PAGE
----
Deer Resistant Plants (Shrubs & Trees)

August 17, 2014 – 12:51 am

Making your Landscape Deer Resistant

Have you ever felt that some landscapes are a buffet for deer? You've probably also noticed that deer like to eat some plants more than others. ? w to send the deer somewhere else (after all, they are still going to eat, just hopefully not your dream garden!)

Same Night, Same Deer

The chances are very very good that the same deer are visiting your landscape each and every night. These
same deer will continue to eat the plants they like the best, until they are gone, or grow back. Once the preferred choice is gone, they are going to start trying the other plants around your landscape. (Kinda like our own pantries)

It all Starts with the Babies

The baby deer, fawns, are actually trained by their mothers to which plants are preferred plants. If you can use deer deterrents at just the right time, you may be able to send the fawns to enjoy the garden down the street, and like it for years to come, breaking generations of deer returning to your landscape.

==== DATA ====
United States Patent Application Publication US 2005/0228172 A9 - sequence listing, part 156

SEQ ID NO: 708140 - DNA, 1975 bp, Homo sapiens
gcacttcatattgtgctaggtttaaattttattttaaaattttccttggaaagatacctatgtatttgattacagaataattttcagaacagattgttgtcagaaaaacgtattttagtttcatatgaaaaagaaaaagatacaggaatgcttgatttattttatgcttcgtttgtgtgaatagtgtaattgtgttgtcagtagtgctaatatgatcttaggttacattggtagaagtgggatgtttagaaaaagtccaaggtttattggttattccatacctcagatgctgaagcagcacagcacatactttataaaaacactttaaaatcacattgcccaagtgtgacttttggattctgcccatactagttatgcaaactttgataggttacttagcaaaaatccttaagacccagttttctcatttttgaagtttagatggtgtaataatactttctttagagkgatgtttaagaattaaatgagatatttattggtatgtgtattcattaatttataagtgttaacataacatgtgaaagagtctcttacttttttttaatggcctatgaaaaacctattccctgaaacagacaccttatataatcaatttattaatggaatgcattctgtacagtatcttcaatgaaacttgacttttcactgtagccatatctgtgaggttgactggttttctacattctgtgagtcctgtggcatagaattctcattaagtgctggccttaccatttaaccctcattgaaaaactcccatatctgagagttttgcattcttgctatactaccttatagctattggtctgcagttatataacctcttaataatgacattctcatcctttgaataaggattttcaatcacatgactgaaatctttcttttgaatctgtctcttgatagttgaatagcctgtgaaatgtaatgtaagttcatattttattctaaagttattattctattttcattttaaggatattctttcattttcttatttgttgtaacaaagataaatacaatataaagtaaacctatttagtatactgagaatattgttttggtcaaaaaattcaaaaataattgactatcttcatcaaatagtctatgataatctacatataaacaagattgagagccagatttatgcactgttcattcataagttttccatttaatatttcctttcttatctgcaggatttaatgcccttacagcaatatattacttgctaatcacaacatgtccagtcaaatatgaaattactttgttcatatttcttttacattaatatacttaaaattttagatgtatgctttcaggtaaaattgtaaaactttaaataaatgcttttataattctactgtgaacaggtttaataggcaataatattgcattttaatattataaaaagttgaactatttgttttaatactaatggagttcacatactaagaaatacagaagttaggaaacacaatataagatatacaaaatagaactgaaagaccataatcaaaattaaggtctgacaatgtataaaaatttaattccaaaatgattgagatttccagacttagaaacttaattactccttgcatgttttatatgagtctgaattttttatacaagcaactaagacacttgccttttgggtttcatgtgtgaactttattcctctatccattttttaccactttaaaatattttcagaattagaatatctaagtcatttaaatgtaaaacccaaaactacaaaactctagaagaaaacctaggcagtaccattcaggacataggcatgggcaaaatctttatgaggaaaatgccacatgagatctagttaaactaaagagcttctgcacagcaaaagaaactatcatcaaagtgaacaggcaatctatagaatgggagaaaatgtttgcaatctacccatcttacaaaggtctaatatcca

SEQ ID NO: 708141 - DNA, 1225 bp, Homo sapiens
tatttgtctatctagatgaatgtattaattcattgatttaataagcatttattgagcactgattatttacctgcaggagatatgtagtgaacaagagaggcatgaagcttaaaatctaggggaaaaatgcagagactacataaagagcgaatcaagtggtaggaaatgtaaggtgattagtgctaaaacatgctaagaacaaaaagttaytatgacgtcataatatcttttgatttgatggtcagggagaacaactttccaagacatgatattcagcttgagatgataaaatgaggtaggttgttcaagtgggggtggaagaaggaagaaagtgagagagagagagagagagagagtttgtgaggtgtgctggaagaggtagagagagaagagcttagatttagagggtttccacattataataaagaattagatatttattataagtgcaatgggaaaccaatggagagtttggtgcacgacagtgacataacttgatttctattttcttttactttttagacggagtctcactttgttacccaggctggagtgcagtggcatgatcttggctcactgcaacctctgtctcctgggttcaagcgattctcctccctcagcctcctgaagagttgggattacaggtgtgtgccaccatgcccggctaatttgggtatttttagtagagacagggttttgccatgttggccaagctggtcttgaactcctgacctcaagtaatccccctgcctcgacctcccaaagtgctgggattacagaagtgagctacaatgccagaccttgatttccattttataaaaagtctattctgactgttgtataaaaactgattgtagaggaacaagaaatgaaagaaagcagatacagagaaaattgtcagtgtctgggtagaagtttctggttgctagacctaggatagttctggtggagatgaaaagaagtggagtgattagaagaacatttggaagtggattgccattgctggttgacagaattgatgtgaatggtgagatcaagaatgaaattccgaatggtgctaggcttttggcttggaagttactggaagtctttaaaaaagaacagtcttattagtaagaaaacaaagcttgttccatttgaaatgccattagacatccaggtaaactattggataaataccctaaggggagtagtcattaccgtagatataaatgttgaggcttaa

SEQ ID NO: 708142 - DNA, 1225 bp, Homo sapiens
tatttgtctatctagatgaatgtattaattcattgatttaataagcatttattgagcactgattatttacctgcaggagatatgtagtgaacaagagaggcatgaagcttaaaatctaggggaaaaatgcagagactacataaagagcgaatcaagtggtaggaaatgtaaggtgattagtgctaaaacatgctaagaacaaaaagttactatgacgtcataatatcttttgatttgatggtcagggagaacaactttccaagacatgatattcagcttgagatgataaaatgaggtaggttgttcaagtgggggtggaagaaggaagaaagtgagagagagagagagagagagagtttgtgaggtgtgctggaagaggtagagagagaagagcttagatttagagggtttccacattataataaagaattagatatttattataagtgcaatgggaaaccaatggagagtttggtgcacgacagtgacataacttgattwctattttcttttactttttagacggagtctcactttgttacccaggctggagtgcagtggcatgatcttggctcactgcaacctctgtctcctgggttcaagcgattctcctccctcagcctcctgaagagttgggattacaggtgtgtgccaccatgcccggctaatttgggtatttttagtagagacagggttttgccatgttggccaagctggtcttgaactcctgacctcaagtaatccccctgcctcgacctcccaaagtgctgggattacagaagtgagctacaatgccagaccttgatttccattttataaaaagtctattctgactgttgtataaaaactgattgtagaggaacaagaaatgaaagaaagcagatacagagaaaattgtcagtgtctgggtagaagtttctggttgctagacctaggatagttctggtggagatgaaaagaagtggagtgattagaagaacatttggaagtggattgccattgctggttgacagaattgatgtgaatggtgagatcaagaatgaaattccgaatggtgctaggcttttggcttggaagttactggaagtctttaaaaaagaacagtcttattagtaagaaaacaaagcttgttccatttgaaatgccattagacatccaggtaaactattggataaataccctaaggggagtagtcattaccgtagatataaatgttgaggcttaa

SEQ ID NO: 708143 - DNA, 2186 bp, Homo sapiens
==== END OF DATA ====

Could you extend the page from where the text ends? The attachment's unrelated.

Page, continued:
Deer Off, Liquid Fence, No Deer Zone, and Imustgarden Deer Repellent are all very good choices. keep the deer from getting too used to them.


Blood Meal, Mothballs, Milorganite, Bar Soap all work ok. Miloragnite and blood meal are nitrogen based fertilizers and you really shouldn't used them later than August around plants. them on the out side perimeters instead.

When to apply:

Begin spraying the whole area in late March to discourage Momma deer from bring Bambi around. Then, in late April, spray only the most susceptible plants in order to teach Bambi that these plants taste absolutely terrible. He should remember this for next time and just go somewhere else.


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Small Deer Resistant Plants
Small Deer Resistant Plants

Whiteflower Farms

Instead of bothering trying to chill and start your seeds indoors, suggest you might Google up the site for White Flower Farms. They sell wildflower seed by the ounce or pound, it's not terribly expensive and it's ready to go into raked and prepared soil. They have several butterfly mixes.
Also, if you're only thinking of putting in a few plants, I suggest plain ol' regular ol' pink coneflowers (Echinacea) which are commonly available at nurseries. Also, if you can find it for sale somewhere, the ultimate Monarch magnet (in my opinion) is Boltonia asteroides. This is a 4-6 foot tall, late-blooming fall flowering aster which, when I grew it in New England, would be...

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